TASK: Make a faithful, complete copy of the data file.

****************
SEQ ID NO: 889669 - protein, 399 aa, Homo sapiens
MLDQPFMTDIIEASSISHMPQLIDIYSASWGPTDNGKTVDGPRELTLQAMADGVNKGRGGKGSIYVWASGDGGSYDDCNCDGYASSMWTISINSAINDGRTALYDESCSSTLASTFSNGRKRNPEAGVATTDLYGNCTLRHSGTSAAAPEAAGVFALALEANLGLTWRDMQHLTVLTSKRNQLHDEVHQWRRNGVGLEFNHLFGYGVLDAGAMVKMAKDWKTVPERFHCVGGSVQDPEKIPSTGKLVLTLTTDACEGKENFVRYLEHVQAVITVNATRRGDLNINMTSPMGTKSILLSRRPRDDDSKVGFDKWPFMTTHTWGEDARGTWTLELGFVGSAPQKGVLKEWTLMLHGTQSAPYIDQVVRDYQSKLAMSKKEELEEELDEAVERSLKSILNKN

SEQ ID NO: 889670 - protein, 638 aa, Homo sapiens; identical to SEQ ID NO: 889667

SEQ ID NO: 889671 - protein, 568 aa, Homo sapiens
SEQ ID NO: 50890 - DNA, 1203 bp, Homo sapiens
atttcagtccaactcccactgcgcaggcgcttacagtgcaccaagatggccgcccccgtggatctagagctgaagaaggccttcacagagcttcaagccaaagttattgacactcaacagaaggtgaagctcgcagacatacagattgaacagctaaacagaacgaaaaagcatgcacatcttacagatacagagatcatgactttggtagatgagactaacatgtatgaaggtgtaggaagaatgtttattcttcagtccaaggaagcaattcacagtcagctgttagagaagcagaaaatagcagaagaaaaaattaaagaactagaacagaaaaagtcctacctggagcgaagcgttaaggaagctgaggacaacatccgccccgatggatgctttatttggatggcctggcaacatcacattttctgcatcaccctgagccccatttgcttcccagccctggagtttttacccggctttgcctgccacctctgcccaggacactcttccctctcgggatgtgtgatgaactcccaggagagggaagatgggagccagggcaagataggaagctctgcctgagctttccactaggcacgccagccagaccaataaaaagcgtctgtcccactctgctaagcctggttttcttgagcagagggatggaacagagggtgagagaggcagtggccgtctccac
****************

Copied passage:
SEQ ID NO: 889669 - protein, 399 aa, Homo sapiens
MLDQPFMTDIIEASSISHMPQLIDIYSASWGPTDNGKTVDGPRELTLQAMADGVNKGRGGKGSIYVWASGDGGSYDDCNCDGYASSMWTISINSAINDGRTALYDESCSSTLASTFSNGRKRNPEAGVATTDLYGNCTLRHSGTSAAAPEAAGVFALALEANLGLTWRDMQHLTVLTSKRNQLHDEVHQWRRNGVGLEFNHLFGYGVLDAGAMVKMAKDWKTVPERFHCVGGSVQDPEKIPSTGKLVLTLTTDACEGKENFVRYLEHVQAVITVNATRRGDLNINMTSPMGTKSILLSRRPRDDDSKVGFDKWPFMTTHTWGEDARGTWTLELGFVGSAPQKGVLKEWTLMLHGTQSAPYIDQVVRDYQSKLAMSKKEELEEELDEAVERSLKSILNKN

SEQ ID NO: 889670 - protein, 638 aa, Homo sapiens; identical to SEQ ID NO: 889667

SEQ ID NO: 889671 - protein, 568 aa, Homo sapiens
SEQ ID NO: 50890 - DNA, 1203 bp, Homo sapiens
atttcagtccaactcccactgcgcaggcgcttacagtgcaccaagatggccgcccccgtggatctagagctgaagaaggccttcacagagcttcaagccaaagttattgacactcaacagaaggtgaagctcgcagacatacagattgaacagctaaacagaacgaaaaagcatgcacatcttacagatacagagatcatgactttggtagatgagactaacatgtatgaaggtgtaggaagaatgtttattcttcagtccaaggaagcaattcacagtcagctgttagagaagcagaaaatagcagaagaaaaaattaaagaactagaacagaaaaagtcctacctggagcgaagcgttaaggaagctgaggacaacatccgccccgatggatgctttatttggatggcctggcaacatcacattttctgcatcaccctgagccccatttgcttcccagccctggagtttttacccggctttgcctgccacctctgcccaggacactcttccctctcgggatgtgtgatgaactcccaggagagggaagatgggagccagggcaagataggaagctctgcctgagctttccactaggcacgccagccagaccaataaaaagcgtctgtcccactctgctaagcctggttttcttgagcagagggatggaacagagggtgagagaggcagtggccgtctccac